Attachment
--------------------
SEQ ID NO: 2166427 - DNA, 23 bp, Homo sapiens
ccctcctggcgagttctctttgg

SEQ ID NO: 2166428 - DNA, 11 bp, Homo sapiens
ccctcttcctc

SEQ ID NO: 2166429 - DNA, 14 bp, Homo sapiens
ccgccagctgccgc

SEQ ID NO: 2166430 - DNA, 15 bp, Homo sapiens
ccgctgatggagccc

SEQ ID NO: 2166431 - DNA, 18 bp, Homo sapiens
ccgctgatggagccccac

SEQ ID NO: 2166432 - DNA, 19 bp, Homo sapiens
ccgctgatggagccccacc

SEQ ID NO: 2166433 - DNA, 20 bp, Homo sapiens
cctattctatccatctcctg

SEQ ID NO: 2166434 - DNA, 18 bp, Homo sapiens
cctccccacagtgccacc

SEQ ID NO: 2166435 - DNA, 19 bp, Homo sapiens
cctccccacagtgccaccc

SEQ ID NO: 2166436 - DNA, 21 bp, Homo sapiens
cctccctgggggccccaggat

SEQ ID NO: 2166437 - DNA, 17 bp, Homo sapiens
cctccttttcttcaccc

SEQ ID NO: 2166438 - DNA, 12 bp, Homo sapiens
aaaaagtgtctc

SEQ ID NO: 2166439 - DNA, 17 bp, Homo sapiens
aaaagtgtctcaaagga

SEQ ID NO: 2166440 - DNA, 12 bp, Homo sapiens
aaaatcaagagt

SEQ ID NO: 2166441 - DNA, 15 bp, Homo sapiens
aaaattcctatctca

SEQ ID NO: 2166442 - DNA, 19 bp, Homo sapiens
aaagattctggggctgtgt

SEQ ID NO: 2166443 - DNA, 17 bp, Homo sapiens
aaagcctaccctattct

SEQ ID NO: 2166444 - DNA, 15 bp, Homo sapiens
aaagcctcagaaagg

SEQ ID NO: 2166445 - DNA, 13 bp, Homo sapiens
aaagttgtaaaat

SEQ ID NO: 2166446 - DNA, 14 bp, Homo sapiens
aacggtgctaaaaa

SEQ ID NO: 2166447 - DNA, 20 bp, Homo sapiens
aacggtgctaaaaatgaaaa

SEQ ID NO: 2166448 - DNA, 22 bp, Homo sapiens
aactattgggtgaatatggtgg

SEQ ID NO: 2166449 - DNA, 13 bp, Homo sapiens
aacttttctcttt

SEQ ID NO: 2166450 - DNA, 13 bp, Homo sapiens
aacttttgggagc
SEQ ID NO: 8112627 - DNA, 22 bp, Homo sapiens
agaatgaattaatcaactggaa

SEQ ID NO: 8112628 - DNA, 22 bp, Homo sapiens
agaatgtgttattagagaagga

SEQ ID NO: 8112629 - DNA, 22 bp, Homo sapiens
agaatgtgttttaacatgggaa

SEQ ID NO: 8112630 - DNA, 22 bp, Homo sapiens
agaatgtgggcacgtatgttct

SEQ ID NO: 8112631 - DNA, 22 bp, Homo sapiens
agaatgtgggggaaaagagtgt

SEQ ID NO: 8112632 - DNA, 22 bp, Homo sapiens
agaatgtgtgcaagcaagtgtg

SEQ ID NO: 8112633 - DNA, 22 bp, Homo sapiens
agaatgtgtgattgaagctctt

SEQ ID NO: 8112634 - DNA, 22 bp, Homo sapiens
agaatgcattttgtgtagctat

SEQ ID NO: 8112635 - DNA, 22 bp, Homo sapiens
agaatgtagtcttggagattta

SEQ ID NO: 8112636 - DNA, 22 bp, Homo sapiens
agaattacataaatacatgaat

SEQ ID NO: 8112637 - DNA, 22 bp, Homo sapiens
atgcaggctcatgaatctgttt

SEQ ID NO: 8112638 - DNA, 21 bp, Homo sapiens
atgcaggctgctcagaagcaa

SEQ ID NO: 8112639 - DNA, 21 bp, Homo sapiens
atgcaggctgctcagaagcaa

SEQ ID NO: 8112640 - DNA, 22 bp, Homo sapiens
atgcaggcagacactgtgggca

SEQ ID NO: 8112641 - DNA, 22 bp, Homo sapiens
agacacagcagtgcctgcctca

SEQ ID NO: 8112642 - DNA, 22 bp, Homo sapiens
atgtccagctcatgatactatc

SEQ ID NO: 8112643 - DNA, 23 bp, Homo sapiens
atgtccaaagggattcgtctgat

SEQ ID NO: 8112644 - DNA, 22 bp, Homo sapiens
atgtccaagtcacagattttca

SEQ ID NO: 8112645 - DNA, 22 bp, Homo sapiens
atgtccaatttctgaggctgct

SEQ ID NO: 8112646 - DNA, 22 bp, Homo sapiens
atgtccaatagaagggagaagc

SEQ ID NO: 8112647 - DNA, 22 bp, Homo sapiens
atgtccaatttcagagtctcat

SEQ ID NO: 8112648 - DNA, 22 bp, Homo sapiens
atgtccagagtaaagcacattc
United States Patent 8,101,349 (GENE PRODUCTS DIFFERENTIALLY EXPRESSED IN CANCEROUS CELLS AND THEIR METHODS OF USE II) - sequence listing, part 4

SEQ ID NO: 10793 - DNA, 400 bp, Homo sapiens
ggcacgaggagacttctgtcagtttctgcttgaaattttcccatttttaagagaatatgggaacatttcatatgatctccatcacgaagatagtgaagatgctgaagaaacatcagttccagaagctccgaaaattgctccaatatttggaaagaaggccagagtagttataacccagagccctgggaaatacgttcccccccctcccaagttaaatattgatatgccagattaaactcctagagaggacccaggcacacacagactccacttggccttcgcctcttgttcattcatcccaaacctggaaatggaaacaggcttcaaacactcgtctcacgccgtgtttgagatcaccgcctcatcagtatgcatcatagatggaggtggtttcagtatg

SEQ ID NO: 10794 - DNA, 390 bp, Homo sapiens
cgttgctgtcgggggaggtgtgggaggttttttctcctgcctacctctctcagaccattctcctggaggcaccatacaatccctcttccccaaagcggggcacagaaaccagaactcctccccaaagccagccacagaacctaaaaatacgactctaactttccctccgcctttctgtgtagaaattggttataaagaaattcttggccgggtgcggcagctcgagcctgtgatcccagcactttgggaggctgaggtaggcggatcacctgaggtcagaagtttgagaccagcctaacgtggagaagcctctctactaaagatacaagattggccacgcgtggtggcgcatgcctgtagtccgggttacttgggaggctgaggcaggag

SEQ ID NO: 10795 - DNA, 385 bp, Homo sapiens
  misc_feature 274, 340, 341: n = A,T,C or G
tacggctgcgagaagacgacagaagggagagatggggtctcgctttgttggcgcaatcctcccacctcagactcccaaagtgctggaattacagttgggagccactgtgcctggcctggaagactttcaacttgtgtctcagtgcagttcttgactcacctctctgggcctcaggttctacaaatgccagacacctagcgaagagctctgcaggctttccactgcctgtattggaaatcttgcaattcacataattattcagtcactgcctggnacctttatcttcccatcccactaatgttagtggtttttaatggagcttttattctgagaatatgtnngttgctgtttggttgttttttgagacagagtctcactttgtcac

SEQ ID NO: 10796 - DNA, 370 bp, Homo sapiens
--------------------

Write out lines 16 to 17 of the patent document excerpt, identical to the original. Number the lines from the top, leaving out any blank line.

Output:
cctccccacagtgccacc

SEQ ID NO: 2166435 - DNA, 19 bp, Homo sapiens